The arrival of autumn has brought along the predicted rebound of coronavirus infections, at least in Quebec and Ontario.
On Friday, Ontario set a record for the number of new cases in one day and Quebec reported 1,000 new cases for the first time during the second wave. My colleague Dan Bilefsky and I wrote this week about the unwelcome resurgence and the return of tight restrictions in many parts of Quebec.
Since our article appeared, François Legault, the premier of Quebec, announced that the police now have the power to issue fines of 1,000 Canadian dollars to people violating measures put in place to curb the spread of the virus in the areas of the province that have been declared red zones. Officers can also call in a request for a warrant to enter the homes of people who have ignored restrictions by having visitors, and those breaking the rules can be fined.
And in Ontario, the province said on Friday that social bubbles had been put on hold and that people were asked to limit close contact to members of their households.
How the pandemic affects civil liberties also arose this week. Two groups, the Canadian Civil Liberties Association and the Canadian Constitution Foundation, separately reported that the police had misused access to a database of Ontario residents who had tested positive for the coronavirus, making 95,000 searches many of which were not related to any obvious active calls. A court cut off the access of the police to that information in July.
Since March, Canadians have generally accepted a host of rules, even though there have been sporadic protests against them.
The Supreme Court in Newfoundland has ruled on that province’s closing of its borders with the rest of Canada. It agreed with the Canadian Civil Liberties Association that the measures violate the section of the charter that allows Canadians to travel freely across the country. But the court also found that the violation was reasonable and justified because of the public health benefits it brings.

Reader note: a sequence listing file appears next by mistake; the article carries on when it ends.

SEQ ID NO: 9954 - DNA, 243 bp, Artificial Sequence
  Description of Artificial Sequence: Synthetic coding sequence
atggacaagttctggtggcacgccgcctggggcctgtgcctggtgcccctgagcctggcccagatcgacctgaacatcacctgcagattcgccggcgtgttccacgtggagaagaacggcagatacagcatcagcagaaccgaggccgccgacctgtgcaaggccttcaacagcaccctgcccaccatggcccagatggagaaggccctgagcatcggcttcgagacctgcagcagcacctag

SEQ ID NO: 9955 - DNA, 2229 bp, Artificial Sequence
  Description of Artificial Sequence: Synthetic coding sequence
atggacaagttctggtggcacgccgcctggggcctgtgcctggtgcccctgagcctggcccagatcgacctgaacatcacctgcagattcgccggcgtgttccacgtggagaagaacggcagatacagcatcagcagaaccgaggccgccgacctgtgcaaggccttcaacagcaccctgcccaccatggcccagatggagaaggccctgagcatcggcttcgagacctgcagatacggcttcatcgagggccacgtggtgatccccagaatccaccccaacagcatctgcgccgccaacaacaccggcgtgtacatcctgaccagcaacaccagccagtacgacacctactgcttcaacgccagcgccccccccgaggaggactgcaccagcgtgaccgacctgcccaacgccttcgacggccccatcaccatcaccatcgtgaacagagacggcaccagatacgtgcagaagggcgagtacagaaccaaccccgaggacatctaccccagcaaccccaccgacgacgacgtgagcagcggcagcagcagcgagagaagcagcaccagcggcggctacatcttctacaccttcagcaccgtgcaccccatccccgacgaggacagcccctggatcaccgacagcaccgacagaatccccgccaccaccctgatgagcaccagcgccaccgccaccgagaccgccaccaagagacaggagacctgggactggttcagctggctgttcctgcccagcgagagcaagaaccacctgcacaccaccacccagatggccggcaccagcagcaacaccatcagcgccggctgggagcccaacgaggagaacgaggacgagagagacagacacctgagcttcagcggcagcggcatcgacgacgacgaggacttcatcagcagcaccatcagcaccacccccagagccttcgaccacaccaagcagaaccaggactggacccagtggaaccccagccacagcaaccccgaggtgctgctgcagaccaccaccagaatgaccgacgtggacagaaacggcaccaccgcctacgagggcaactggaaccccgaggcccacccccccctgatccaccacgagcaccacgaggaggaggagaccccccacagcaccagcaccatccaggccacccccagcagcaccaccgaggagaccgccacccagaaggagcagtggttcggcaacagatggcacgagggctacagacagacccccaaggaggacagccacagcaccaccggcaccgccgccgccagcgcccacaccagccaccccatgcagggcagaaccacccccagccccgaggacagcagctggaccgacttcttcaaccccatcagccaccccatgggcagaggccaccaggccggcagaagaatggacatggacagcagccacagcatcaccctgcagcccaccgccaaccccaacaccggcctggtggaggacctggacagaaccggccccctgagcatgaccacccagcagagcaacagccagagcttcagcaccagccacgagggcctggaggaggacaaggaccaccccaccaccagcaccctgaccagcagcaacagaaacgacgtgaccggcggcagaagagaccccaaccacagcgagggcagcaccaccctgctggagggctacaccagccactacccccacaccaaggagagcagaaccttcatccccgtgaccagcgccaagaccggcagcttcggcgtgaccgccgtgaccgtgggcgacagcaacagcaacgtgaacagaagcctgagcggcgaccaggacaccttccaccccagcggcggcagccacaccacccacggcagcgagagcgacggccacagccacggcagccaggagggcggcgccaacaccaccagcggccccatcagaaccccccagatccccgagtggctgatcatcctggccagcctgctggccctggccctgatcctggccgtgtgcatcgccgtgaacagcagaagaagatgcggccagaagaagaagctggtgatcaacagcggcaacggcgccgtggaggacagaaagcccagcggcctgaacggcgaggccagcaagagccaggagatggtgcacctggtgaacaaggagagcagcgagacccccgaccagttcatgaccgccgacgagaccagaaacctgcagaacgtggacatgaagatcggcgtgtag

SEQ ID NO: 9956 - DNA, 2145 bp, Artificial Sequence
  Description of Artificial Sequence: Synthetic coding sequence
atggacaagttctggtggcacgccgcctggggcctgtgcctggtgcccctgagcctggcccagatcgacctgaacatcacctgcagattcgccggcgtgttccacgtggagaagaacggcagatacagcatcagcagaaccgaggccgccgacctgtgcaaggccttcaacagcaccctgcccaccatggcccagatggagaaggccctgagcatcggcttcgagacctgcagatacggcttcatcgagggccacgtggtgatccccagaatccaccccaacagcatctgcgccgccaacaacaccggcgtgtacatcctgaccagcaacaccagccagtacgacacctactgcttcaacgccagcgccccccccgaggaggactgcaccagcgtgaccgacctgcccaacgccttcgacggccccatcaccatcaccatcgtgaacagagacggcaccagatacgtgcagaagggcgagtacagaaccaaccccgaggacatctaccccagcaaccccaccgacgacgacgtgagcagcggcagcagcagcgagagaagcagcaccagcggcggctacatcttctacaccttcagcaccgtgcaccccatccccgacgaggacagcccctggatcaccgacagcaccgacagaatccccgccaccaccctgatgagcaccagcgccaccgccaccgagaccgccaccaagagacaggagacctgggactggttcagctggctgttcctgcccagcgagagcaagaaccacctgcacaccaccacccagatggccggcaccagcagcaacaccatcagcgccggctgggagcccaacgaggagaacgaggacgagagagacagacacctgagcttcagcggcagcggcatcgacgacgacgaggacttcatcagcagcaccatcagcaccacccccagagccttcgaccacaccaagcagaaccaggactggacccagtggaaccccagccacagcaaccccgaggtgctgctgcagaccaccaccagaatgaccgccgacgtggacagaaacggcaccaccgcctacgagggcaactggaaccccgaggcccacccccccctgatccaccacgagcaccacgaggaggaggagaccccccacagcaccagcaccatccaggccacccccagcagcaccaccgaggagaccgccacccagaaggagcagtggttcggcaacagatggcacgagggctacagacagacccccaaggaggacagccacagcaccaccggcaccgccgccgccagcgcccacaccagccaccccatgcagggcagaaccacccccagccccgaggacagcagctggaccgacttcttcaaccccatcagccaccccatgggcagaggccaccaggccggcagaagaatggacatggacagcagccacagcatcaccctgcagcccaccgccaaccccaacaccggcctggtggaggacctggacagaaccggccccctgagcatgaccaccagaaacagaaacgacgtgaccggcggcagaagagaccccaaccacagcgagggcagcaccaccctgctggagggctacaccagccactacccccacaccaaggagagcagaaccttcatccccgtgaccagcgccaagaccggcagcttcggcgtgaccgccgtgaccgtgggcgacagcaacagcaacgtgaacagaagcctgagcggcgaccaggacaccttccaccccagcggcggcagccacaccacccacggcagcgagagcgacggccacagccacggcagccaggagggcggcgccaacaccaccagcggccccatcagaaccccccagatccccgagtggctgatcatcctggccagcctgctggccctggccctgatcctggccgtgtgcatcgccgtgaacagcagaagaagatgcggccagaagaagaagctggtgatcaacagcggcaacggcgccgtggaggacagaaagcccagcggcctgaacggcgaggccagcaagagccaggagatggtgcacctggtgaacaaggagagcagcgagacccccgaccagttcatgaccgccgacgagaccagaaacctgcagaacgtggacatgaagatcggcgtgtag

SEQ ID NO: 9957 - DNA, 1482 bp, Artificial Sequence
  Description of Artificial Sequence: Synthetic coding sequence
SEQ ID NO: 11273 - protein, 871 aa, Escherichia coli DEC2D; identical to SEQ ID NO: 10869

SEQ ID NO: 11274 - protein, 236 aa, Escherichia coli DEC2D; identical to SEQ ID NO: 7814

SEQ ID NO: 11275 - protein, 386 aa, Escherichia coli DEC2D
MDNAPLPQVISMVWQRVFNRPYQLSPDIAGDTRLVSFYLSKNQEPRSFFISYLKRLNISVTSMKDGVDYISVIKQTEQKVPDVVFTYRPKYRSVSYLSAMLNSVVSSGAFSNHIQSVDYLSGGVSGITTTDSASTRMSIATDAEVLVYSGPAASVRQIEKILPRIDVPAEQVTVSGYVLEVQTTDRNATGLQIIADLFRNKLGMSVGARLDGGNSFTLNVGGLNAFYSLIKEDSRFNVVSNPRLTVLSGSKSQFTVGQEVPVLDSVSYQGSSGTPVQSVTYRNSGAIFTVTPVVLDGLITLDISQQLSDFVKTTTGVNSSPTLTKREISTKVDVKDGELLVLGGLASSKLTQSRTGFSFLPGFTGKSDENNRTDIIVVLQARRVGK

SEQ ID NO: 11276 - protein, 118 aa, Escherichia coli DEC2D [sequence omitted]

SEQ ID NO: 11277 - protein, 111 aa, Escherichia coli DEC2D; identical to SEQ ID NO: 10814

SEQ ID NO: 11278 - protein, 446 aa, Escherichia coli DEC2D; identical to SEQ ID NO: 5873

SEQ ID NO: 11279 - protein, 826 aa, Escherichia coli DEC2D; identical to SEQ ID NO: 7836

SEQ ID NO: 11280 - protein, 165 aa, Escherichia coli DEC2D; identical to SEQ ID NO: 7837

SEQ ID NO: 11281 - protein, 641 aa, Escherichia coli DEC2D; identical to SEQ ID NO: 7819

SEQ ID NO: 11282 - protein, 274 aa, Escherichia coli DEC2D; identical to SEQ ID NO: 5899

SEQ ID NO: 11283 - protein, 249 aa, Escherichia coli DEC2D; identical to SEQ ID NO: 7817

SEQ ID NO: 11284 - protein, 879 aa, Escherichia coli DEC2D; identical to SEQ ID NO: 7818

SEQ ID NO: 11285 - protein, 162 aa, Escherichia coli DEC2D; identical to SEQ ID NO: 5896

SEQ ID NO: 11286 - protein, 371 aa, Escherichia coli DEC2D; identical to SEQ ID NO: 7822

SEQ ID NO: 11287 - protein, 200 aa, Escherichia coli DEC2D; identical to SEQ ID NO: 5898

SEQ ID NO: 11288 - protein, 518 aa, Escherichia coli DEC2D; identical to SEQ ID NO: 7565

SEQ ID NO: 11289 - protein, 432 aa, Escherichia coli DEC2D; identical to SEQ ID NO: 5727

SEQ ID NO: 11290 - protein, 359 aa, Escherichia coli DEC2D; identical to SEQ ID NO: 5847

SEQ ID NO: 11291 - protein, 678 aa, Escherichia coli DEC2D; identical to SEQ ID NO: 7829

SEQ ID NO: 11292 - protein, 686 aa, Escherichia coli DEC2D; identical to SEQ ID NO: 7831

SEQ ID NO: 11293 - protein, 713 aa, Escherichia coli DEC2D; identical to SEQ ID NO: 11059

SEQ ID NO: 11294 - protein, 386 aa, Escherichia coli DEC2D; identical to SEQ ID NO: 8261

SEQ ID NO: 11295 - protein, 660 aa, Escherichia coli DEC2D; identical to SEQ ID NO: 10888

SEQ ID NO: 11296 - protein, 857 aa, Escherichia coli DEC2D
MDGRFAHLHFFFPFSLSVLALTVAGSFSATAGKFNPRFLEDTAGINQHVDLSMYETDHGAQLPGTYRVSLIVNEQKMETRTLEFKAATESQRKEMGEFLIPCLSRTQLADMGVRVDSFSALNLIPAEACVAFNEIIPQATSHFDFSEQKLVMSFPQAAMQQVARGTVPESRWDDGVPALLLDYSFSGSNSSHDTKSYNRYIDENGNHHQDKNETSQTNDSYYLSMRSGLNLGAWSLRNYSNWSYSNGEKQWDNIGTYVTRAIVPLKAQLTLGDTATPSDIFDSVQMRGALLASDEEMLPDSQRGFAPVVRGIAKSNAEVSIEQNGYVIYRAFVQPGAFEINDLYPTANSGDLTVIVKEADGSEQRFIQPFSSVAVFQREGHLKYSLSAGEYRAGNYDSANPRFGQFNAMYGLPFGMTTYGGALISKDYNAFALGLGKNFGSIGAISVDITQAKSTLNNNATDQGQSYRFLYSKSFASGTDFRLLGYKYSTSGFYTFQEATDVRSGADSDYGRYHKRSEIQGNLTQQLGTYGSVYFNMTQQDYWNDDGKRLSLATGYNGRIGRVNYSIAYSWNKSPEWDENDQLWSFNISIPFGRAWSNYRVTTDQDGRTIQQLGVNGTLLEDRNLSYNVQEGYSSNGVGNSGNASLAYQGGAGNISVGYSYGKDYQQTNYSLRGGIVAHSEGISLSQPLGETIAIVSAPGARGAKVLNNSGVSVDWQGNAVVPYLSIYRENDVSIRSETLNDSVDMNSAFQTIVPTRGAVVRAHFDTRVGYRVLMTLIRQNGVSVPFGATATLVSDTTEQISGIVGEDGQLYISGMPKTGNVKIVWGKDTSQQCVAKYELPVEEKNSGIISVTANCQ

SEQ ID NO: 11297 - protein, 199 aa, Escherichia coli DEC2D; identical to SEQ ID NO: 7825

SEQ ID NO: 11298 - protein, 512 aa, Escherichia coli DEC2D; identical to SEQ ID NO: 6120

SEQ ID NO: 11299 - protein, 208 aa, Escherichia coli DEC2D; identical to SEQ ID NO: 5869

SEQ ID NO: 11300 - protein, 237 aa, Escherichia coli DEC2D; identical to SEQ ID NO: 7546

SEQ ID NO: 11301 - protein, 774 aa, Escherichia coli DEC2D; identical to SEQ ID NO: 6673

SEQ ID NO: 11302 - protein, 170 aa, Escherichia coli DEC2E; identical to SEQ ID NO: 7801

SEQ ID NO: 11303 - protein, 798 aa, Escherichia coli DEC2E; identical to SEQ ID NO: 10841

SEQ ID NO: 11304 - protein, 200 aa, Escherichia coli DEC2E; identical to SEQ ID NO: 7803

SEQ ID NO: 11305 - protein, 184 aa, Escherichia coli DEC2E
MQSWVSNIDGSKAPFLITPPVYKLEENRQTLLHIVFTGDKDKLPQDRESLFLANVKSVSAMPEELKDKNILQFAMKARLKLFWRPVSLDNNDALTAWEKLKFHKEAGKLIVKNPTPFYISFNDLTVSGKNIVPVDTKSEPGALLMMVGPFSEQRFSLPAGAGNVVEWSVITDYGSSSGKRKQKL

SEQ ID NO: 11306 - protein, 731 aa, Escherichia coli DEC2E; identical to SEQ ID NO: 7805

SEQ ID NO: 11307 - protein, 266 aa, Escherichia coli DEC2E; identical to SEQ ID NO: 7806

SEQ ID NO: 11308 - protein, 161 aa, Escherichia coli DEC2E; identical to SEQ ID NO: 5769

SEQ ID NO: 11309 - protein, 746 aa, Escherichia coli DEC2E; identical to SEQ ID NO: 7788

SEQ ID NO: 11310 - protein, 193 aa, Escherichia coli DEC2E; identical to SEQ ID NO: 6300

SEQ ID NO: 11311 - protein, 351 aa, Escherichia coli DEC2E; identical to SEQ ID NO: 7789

Similarly, contact tracing raises privacy issues.
The Royal Society of Canada, the country’s national academy which honors academic achievement and promotes research, recently published a paper that studied the potential conflicts between civil liberties and controlling the pandemic. It’s part of a series of Covid-19 related research papers by some of Canada’s top scholars. Although it’s written in academic language, it’s still worth a read.
Its takeaway is this: Individual rights don’t trump public health, but governments must present a good reason and evidence for their restrictions and narrowly tailor them.
The paper says that the charter’s “guarantee of life, liberty and security of the person does not protect against what might be called ‘trivial’ intrusions on liberty.” Given that, the paper notes, “it is not clear that laws requiring masking engage Charter rights at all.”
At the same time, the paper argues, the enforcement of mandatory mask laws could become a threat to civil liberties if the police used them as “pretext for harassment of marginalized populations and needless escalations of force.”
In the early summer, the border closings brought stigma to a doctor in New Brunswick who had traveled to Montreal to pick up his 4-year-old daughter there. He was also charged with breaking emergency measures laws in August. He believes racism played a role in his public denunciation and shaming.
If more limits appear as the second wave grows, the public’s acceptance of intrusions into civil rights may be tested.